Tuesday, March 5, 2024

Connect with us:

Parade Day timeline and photos

(It begins earlier than people realize)

by Melanie Jongsma

LANSING, Ill. (May the 4th, 2019) – Already at 8:00am, patches of blue sky and sunshine were breaking through the week’s clouds, and the day was promising perfect weather for the 2019 Good Neighbor Day Parade.

In the back parking lot of the Walgreens on Wentworth, five members of the Lansing Area Chamber Board were pulling numbered yellow stakes out of the bed of a pick-up truck. This is how parade day begins in Lansing.


Armed with a measuring wheel, a list of the parade entries, armloads of stakes, and a mallet, Chamber Board members (from left) Sue Thompson, Sue Seymour, Amy Todd, and Dan Merrick begin marking Wentworth Avenue so that entries will know where to line up. (Photo: Melanie Jongsma)
Board member Karen Kleine is driving the truck. (Photo: Melanie Jongsma)
The first 17 entries are lettered A through Q and are designated for the Lansing Police Department (which leads the parade), various veterans and military groups, the Chamber banner (displayed by Boy Scout Troop 276), and various Village and State representatives. The next 50+ stakes are numbered, and those designate other parade entries. (Photo: Melanie Jongsma)


Because there were five people helping this year, and the ground was soft from all the rain, and there were fewer than 100 entries, the job didn’t take long. The final stake was pounded in around 8:45am:


Lansing Police begin closing Wentworth Avenue between 178th and Ridge Road, so it can be used as the staging area for the parade.


Parade entries were all assigned a number during registration. Those numbers correspond with the numbers on the wooden stakes. So all the parade participants begin gathering at their assigned stakes.

Both sides of Wentworth are filled with marchers, walkers, riders, floats, and decorated cars, waiting for the parade to begin. (Photo: Melanie Jongsma)


As early as 1:00pm, Lansing residents begin setting up chairs along Ridge Road to enjoy the parade. (Photo: Melanie Jongsma)
Local businesses also find ways to contribute to the community spirit that marks the day. Kris O’Connor, owner of Classy Cuts (3365 Ridge Road), set up a table and offered free nachos to parade viewers. (Photo: Melanie Jongsma)
Lynne Cartwright (standing), owner of Lynnie Ques (3249 Glenwood Lansing Road), served food from her mobile kitchen, but she also spent time enjoying the parade with her mom. (Photo: Melanie Jongsma)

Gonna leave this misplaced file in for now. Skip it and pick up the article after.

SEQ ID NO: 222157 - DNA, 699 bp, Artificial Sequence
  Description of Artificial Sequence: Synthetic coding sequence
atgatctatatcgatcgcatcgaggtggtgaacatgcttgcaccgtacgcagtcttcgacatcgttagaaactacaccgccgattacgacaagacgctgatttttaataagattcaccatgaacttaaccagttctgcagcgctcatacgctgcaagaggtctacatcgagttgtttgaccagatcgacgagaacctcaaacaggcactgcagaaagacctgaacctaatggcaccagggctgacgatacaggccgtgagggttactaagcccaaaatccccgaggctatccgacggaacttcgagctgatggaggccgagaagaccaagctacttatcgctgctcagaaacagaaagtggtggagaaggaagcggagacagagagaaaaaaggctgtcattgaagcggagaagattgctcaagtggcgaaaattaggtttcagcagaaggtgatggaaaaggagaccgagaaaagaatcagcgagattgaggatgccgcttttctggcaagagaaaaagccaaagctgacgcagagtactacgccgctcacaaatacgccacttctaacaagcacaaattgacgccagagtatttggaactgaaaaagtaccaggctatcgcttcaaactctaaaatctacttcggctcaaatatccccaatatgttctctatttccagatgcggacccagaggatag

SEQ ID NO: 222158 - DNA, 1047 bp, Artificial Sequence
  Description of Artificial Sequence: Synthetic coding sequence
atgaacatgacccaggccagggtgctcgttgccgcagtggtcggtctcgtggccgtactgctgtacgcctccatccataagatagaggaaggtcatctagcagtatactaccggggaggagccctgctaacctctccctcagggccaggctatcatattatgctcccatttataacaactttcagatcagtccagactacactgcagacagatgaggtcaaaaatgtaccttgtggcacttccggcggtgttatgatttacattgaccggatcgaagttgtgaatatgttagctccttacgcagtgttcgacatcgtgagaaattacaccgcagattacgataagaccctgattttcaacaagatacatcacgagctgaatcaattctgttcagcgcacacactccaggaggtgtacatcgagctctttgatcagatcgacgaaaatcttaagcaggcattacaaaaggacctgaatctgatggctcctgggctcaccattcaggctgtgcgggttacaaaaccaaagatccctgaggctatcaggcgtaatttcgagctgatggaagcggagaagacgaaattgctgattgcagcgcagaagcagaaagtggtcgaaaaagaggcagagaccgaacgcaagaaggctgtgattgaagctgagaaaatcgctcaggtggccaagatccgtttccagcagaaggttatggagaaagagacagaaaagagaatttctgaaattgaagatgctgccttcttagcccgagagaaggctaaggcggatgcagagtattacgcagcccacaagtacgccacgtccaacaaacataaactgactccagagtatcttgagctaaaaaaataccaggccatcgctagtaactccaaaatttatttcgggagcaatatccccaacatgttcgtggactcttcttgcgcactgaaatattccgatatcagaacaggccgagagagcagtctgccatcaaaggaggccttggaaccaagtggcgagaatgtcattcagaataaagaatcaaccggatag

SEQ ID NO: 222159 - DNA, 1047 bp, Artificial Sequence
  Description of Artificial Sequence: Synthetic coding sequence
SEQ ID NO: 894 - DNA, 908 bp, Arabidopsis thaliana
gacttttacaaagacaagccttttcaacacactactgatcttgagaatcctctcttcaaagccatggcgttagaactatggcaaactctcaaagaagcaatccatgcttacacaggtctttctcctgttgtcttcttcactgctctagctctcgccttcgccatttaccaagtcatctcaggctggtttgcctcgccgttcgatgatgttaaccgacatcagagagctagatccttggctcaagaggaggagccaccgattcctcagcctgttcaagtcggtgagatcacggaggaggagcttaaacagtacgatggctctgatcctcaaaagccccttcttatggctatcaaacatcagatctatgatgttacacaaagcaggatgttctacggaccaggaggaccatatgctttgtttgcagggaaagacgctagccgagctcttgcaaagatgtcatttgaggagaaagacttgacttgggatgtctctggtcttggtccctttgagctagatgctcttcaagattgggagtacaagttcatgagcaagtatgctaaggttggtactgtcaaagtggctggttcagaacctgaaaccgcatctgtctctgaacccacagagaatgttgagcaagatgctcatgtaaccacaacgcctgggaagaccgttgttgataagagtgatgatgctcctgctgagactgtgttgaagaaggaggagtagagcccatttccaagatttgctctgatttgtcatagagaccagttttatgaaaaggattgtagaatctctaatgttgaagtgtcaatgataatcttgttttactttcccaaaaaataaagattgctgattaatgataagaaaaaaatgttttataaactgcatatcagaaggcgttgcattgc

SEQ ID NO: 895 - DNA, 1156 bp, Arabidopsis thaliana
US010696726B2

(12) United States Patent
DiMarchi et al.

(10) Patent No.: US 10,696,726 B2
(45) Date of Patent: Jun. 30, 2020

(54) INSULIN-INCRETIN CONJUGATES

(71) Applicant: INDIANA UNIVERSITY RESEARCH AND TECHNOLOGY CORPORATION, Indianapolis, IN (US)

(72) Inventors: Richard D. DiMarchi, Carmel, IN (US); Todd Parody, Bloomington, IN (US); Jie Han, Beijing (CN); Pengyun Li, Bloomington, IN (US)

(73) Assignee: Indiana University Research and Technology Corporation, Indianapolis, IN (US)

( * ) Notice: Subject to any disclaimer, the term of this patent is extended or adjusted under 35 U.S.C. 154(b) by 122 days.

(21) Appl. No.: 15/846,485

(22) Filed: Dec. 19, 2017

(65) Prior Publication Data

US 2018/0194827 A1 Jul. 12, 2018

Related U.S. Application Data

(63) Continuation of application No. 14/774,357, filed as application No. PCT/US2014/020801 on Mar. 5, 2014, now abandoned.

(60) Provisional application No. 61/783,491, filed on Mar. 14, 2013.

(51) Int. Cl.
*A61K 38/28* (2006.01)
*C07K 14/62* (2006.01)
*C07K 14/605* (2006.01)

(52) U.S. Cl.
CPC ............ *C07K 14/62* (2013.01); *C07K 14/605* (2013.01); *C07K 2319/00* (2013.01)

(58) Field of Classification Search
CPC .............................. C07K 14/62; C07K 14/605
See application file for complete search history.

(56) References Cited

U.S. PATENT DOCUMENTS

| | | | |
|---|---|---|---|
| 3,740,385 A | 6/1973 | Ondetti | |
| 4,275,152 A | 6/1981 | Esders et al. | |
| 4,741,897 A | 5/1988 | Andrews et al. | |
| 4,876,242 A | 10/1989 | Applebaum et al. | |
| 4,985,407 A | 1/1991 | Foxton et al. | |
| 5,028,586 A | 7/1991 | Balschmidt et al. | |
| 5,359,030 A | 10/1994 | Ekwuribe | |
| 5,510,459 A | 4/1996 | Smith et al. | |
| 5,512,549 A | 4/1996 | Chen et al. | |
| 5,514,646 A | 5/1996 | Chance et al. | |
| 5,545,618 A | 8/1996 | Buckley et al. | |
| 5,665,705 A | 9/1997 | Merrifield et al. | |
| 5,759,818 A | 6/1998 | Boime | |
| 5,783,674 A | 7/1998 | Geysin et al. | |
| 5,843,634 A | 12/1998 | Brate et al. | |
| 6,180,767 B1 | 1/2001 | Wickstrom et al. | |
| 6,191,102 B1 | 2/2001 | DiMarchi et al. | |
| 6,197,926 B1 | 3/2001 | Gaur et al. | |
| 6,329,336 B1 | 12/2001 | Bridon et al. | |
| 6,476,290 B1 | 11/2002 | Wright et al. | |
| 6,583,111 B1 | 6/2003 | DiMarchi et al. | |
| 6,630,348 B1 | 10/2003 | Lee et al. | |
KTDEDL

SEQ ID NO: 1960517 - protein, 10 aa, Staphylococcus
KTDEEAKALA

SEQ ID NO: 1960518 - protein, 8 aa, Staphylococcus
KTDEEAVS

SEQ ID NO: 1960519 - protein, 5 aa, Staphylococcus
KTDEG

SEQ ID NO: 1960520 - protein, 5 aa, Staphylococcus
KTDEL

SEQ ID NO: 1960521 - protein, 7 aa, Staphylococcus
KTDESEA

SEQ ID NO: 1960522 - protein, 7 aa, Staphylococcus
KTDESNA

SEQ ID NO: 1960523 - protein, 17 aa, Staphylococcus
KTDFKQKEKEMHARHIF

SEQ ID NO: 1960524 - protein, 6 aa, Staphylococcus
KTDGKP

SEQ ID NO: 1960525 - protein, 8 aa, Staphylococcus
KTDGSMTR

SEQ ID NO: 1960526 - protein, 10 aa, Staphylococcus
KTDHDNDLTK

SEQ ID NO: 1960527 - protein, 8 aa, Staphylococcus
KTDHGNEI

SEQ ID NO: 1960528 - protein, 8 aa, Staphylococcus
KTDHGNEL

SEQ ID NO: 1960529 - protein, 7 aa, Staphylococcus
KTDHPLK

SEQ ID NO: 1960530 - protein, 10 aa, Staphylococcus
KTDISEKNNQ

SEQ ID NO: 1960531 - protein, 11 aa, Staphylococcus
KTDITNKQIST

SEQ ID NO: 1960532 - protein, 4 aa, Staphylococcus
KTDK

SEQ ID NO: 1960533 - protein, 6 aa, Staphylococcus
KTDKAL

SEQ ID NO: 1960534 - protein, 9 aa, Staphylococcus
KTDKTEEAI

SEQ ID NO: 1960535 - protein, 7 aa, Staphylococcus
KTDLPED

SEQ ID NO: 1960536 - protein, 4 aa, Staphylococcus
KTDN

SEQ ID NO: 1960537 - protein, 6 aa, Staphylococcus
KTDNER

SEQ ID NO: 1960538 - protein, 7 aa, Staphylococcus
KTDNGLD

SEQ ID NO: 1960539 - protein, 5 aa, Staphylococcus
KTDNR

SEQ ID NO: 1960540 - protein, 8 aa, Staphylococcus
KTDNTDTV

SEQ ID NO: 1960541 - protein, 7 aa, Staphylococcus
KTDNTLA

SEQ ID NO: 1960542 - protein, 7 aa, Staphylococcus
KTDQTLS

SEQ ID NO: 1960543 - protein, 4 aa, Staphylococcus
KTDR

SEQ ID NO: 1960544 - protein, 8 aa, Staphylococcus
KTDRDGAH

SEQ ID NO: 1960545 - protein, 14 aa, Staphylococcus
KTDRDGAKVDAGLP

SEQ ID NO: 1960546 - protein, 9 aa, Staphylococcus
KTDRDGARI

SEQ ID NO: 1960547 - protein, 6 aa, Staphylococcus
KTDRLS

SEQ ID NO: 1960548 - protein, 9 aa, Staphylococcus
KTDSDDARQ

Even Gus Bock’s Ace Hardware (3455 Ridge Road) had some food available! (Photo: Melanie Jongsma)


Lansing Police began diverting Ridge Road traffic south on Wentworth to clear the parade route. (Photo: Melanie Jongsma)
Chamber Director Amy Todd surveys all the entries and reminds everyone to “close the gaps.” (Photo: Melanie Jongsma)
Parade participants begin loading their candy totes in preparation for easy distribution. (Photo: Melanie Jongsma)


With Lansing Police and the Lansing Memorial Honor Guard leading the way, the 2019 Good Neighbor Day Parade eases from Wentworth onto Ridge Road, and the parade officially begins. (Photo: Melanie Jongsma)
The beautiful weather makes it a perfect day for community members to gather along the parade route. (Photo: Melanie Jongsma)
This year’s theme was “May the Fourth be With You,” and members of the audience participated as well. (Photo: Melanie Jongsma)
Every parade needs a few firetrucks. (Photo: Melanie Jongsma)
Mayor Eidam and other elected officials were near the beginning of the parade. (Photo: Melanie Jongsma)
A lot of participants had fun with the theme, including Troost Coffee & Tea (18155 Roy Street) and their “Java the Hut” float. (Photo: Melanie Jongsma)

Visible Music College provided some parade entertainment:

LACE (Lansing Association for Community Events) used the parade to let Lansing residents know about upcoming events. (Photo: Melanie Jongsma)

The Illiana Derby Dames got into the theme:

Calvin Coolidge Elementary staff and students had fun with the theme. Cameron Spencer designed the fighter plane. The trailer included Coolidge Elementary Principal Mrs. Hodgson as Princess Leah, the school Mascot as a Jedi, Jabba the Hut, a replica of a Frozen Han Solo, a student Princess Leah, and a child Ewok. On foot were Assistant Principal Mr. Byrne as unfrozen Han Solo, some Jedis, and another Ewok. (Photo: Melanie Jongsma)

And Homewood Disposal decorated a garbage truck with Yoda ears and a light saber and blasted Star Wars music:


The parade travels on Ridge Road from Wentworth to Torrence, then heads north on Torrence to Arcadia, which leads directly into Lan-Oak Park. (Photo: Melanie Jongsma)
Once at the park, paraders follow the path…
…to the large gazebo. (Photo: Melanie Jongsma)
Band members set down their musical instruments in order to enjoy a post-parade picnic.
The Lansing Lions cook hot dogs, which were donated this year by Lansing’s Land O’ Frost (16850 Chicago Avenue). (Photo: Melanie Jongsma)
The Lansing Junior Woman’s Club puts the cooked hot dogs in buns and wraps them up in tin foil, ready to be served. (Photo: Melanie Jongsma)
The Lansing Lions cooked 1,200 hot dogs to be handed out to parade participants. (Photo: Melanie Jongsma)

While the paraders were picnicking in the park, the Chamber Board was back on Wentworth, picking up the stakes and bundling them in order, ready for next year’s use.

By 4:00pm, most parade watchers had already folded up their chairs and returned home, and most parade participants were leaving Lan-Oak Park.

The 52nd annual Good Neighbor Day Parade had come to a close.

To view more comprehensive albums of the parade entries, visit the following links:

Melanie Jongsma
Melanie Jongsma
Melanie Jongsma grew up in Lansing, Illinois, and believes The Lansing Journal has an important role to play in building community through trustworthy information.